With designers looking towards winter, the jewellery is getting dark and wild again, especially in Hannah Martin’s new collection Delirium. The last of three bodies of work continuing her exploration of the masculine aesthetic inspired by the story of Comte de St Germain, the infamous man who knows everything. Hannah has created a series of night-time jewels with a dramatic architectural aesthetic that would look comfortable paired with both a leather jacket and motorcycle boots or an evening dress. Building her collections around an always male fictional character, Martin is fascinated with androgyny and how gender can be merged creating a middle ground between the sexes. Working in yellow gold, her preferred metal, Martin balances her masculine designs by dabbling with hallucinogenic colours such as magenta and rich amethyst hues.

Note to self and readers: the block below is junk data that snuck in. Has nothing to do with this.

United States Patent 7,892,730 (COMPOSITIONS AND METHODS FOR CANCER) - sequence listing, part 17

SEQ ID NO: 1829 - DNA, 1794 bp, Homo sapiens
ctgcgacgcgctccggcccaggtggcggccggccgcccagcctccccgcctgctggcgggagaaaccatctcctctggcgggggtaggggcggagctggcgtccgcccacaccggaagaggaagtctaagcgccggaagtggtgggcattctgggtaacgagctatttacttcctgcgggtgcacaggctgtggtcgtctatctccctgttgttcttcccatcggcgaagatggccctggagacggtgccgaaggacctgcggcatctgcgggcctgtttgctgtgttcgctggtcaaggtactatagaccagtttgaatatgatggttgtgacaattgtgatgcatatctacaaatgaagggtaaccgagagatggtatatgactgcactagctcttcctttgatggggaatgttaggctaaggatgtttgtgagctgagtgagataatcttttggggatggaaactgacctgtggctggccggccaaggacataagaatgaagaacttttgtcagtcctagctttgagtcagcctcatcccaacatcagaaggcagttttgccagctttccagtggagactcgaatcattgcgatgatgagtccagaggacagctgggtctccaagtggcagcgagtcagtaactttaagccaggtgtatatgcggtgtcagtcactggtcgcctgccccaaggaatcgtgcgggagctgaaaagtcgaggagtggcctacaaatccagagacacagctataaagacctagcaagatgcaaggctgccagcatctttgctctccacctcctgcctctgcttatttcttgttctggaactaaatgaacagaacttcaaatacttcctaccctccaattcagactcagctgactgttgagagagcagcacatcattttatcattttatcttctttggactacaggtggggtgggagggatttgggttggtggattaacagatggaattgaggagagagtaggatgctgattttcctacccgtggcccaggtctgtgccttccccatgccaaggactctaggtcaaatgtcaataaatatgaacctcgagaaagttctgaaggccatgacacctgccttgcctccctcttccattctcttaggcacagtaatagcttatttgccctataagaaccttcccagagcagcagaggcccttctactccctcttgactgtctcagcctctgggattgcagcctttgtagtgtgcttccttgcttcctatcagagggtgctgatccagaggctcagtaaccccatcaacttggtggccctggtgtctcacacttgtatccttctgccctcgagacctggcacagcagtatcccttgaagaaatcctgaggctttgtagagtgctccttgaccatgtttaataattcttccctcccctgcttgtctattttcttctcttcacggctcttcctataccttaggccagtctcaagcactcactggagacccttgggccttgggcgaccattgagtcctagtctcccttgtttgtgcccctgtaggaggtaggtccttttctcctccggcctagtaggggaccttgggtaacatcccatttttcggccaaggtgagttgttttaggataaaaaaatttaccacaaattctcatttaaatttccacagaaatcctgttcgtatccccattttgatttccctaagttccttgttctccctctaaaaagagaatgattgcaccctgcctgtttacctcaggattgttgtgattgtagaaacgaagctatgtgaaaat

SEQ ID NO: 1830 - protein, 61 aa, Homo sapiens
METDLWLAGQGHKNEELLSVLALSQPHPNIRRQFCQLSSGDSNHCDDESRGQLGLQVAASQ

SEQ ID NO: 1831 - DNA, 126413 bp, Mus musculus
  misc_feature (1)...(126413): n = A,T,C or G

Tomasz Donocik‘s designs also have an aesthetic that would suit clientele from the young and edgy to the established and elegant. Working with leather and metal, Tomasz is revisiting his trademark star designs and developing them by encrusting them with diamonds and dabbling in new materials, but the he main attractions are his stunning private commissions including a realistic crocodile ring with a moveable mouth and a ruby hiding in its teeth. Fear not, animal lovers, the ring has not been cast from a real baby crocodile, the realism is the result of painstakingly carving the crocodile out of jewellers wax and then casting it in precious metal. Out of all his meticulous creations, the Courtship of the Hornbill ring, an exceptionally beautiful piece complete with sculpted mammoth tusks, remains the pride of Donocik’s collection.